Fast Translation with Non-autoregressive Generation
by Jungo Kasai
Why Non-autoregressive Machine Translation?
A flurry of recent work proposed approaches to non-autoregressive machine translation (NAT, Gu et al. 2018). NAT generates target words in parallel, contrasting with standard autoregressive translation (AT) that predicts every word conditioned on all previous ones. While AT generally performs better than NAT with a similar configuration, NAT speeds up inference by parallel computation. One very successful application of such non-autoregressive generation is Parallel WaveNet (Oord et al. 2017), which speeds up the original autoregressive Wavenet by more than 1000 times and is deployed in the Google Assistant. The gain of fast inference from NAT can also allow for deployment of bigger and deeper transformer models under a certain latency budget in production. In this blog post, I will give an overview on recent research on non-autoregressive translation and discuss what I believe is missing or important for further development.
Fundamental Problem and Possible Remedies
Multimodality in generation presents a fundamental challenge in NAT. We all know that language is highly multimodal. To give a minimal example to see this,
he is very good at Japanese and
he speaks Japanese very well are both valid translations of a Japanese sentence,
彼は日本語が上手です. However, it would not make sense to say something like
he speaks very good at Japanese or
he is very good at very well.
We need to know which of the two possible translations (or modes more generally) the model is commiting itself to, but this cannot be easily achieved in conditionally independent decoding; parallel decoding breaks conditional dependence and often leads to inconsistent outputs.
Several work in the literature has developed ways to address this problem of multimodality in NAT.
Here I roughly summarize and categorize proposed approaches.
One way to remedy the issue in parallel decoding is to refine model output iteratively (Lee et al., 2018; Ghazvininejad et al., 2019; Gu et al. 2019; Kasai et al. 2020). In this framework, we give up on completely parallelizable generation, and instead we refine previously generated words in each iteration. Since typically we need much fewer iterations than the number of words in the output sentence, an iterative method can still improve latency compared to autoregressive models. Each of these papers take a different method for refinement, but you might find conditional masked language models (CMLMs) from Ghazvininejad et al., 2019 easy to understand. CMLMs are trained with a BERT-style masked language modeling objective on the target side given the source text, and in inference, we mask output tokens with low confidence and update them in every iteration. In Kasai et al. 2020, we proposed the DisCo transformer that computes an efficient alternative to this masked language modeling. In particular, the DisCo transformer can be trained to predict every output token given an arbitrary subset of the other reference tokens. This can be thought of as simulating multiple maskings at a time. We showed that the DisCo transformer can reduce the number of required iterations (and thus decoding time) while keeping translation quality.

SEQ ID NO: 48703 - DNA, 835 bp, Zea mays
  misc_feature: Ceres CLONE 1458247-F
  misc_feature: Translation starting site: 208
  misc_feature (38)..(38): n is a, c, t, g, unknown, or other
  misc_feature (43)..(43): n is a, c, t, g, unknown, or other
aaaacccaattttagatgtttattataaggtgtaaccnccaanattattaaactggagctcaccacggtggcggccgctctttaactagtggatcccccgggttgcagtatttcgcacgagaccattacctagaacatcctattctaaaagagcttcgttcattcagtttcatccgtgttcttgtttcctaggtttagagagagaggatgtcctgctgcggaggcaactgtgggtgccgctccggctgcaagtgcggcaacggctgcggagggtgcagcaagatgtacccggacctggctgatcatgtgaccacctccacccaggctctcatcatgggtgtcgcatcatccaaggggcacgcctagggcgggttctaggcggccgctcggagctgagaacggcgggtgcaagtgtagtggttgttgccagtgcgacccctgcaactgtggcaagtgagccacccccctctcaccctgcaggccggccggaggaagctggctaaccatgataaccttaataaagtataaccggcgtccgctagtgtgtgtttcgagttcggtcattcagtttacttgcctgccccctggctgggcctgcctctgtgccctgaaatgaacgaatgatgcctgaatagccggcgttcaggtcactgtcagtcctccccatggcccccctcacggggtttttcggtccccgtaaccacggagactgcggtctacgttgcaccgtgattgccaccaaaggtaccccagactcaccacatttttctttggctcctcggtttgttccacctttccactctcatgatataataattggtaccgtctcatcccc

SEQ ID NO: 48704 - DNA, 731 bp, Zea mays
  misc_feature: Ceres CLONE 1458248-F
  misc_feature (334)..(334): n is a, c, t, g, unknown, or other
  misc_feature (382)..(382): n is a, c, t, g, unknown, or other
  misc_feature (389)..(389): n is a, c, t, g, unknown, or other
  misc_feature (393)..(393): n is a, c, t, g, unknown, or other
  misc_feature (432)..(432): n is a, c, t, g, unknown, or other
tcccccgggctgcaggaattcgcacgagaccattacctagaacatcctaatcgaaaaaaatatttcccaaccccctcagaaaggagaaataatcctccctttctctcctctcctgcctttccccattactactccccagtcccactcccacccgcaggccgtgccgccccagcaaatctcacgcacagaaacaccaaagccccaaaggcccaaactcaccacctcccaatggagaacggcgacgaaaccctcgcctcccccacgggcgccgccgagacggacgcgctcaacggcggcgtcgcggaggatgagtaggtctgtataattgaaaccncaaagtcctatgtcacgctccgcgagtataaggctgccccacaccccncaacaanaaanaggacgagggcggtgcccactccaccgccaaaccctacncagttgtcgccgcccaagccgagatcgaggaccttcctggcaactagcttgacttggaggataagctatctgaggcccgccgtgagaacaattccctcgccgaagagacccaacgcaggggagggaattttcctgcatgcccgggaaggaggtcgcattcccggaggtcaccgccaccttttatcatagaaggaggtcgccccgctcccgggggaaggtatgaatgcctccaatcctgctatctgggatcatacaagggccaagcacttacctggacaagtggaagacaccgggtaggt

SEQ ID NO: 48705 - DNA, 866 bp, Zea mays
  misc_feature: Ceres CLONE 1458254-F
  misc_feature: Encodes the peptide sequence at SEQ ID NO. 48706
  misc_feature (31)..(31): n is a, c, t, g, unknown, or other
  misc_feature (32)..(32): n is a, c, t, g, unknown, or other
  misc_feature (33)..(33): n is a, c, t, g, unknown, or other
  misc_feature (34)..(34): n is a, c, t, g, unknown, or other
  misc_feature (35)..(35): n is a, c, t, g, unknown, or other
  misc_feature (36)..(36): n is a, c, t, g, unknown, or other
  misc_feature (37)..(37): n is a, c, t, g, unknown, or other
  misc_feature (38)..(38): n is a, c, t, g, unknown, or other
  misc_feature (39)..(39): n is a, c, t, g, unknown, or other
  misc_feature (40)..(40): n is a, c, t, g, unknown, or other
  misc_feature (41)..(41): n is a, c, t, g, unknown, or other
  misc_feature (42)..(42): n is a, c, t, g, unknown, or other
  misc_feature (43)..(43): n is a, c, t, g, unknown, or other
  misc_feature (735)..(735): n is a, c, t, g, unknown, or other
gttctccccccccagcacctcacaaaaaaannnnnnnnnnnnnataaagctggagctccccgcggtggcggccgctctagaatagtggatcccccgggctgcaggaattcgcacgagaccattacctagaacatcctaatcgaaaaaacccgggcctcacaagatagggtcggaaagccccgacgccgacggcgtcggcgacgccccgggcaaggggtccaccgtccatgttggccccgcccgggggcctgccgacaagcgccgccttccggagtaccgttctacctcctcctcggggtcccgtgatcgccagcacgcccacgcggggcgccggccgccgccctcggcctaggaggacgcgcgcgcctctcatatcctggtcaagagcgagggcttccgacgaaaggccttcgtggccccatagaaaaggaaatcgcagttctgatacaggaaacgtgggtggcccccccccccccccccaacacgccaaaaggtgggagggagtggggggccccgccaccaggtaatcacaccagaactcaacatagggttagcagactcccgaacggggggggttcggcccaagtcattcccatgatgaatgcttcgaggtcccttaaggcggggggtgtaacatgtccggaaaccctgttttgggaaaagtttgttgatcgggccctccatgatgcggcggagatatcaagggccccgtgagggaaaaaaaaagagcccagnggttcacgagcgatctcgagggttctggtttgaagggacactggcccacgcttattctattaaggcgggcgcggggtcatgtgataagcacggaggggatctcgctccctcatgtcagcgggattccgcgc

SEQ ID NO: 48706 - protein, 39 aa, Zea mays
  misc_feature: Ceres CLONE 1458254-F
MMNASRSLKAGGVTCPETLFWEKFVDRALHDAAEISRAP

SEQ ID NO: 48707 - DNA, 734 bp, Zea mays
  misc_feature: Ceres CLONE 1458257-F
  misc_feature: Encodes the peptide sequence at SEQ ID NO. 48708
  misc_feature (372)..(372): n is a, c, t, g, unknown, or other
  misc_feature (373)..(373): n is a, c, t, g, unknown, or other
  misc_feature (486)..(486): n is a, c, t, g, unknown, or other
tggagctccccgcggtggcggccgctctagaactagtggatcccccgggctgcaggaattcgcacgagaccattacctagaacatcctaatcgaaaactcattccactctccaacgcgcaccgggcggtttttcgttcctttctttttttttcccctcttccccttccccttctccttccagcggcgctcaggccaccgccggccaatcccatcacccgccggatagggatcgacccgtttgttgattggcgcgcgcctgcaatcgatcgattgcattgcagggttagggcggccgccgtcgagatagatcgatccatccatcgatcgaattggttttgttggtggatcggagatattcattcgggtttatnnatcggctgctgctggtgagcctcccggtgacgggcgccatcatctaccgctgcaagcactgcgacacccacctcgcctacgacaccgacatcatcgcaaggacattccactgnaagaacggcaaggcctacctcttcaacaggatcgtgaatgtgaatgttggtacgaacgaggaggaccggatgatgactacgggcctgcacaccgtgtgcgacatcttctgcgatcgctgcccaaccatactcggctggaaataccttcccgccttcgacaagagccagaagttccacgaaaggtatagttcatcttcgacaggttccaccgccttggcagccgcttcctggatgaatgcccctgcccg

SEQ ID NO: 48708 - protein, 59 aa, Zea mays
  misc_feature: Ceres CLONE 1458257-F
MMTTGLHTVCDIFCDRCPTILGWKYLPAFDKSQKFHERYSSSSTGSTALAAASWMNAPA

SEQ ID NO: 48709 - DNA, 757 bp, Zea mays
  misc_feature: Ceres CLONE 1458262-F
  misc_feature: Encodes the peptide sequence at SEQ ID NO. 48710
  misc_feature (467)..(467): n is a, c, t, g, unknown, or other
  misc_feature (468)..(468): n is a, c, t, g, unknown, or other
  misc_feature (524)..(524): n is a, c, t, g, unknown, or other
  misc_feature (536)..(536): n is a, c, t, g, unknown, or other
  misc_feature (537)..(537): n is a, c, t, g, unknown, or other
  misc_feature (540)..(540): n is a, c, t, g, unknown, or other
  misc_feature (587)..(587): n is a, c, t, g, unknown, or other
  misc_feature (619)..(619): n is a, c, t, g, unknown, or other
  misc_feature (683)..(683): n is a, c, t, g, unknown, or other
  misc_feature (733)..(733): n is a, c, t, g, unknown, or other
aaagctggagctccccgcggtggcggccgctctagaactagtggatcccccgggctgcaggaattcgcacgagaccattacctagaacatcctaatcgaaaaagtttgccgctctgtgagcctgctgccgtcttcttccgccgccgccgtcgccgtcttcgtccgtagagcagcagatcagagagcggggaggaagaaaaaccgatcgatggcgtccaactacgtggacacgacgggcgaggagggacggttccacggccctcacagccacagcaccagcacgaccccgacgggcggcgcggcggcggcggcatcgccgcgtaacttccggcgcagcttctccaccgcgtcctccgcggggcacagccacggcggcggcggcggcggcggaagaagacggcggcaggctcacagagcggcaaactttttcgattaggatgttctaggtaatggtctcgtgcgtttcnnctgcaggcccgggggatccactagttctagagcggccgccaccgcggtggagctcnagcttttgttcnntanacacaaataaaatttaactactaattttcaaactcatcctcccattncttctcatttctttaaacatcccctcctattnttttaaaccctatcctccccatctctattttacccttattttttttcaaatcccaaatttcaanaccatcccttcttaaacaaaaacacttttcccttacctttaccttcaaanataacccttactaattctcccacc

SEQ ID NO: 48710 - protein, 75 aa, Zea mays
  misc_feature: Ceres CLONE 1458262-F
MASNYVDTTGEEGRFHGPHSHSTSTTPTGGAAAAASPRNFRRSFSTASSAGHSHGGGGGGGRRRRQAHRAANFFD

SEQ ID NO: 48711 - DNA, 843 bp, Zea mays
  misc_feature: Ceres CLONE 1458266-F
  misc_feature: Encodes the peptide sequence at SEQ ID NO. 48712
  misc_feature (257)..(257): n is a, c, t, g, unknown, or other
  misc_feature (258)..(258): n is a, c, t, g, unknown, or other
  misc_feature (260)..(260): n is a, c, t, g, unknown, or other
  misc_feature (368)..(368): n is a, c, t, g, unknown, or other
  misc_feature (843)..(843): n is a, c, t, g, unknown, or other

Training with Different (Augmented) Objectives than NLL
Several work proposed alternative loss functions to negative log likelihood. My intuition is training with the vanilla NLL loss fails to induce representations that can capture highly multimodal distributions. This is somewhat reminiscent of the adversarial loss in generative adversarial networks (GANs). In image generation, the vanilla L2 reconstruction loss would collapse modes and yield blurry images, and maybe a similar situation occurs when an NAT model is trained with the NLL loss. Proposed alternative loss functions include the distance of hidden states between an NAT model and autoregressive teacher (Li et al. 2019), Bag-of-Ngrams difference (Shao et al. 2020), and auxiliary regularization (Wang et al. 2019). This strand of approaches can achieve one-shot generation in parallel at the expense of much degraded performance compared to iteration-based methods.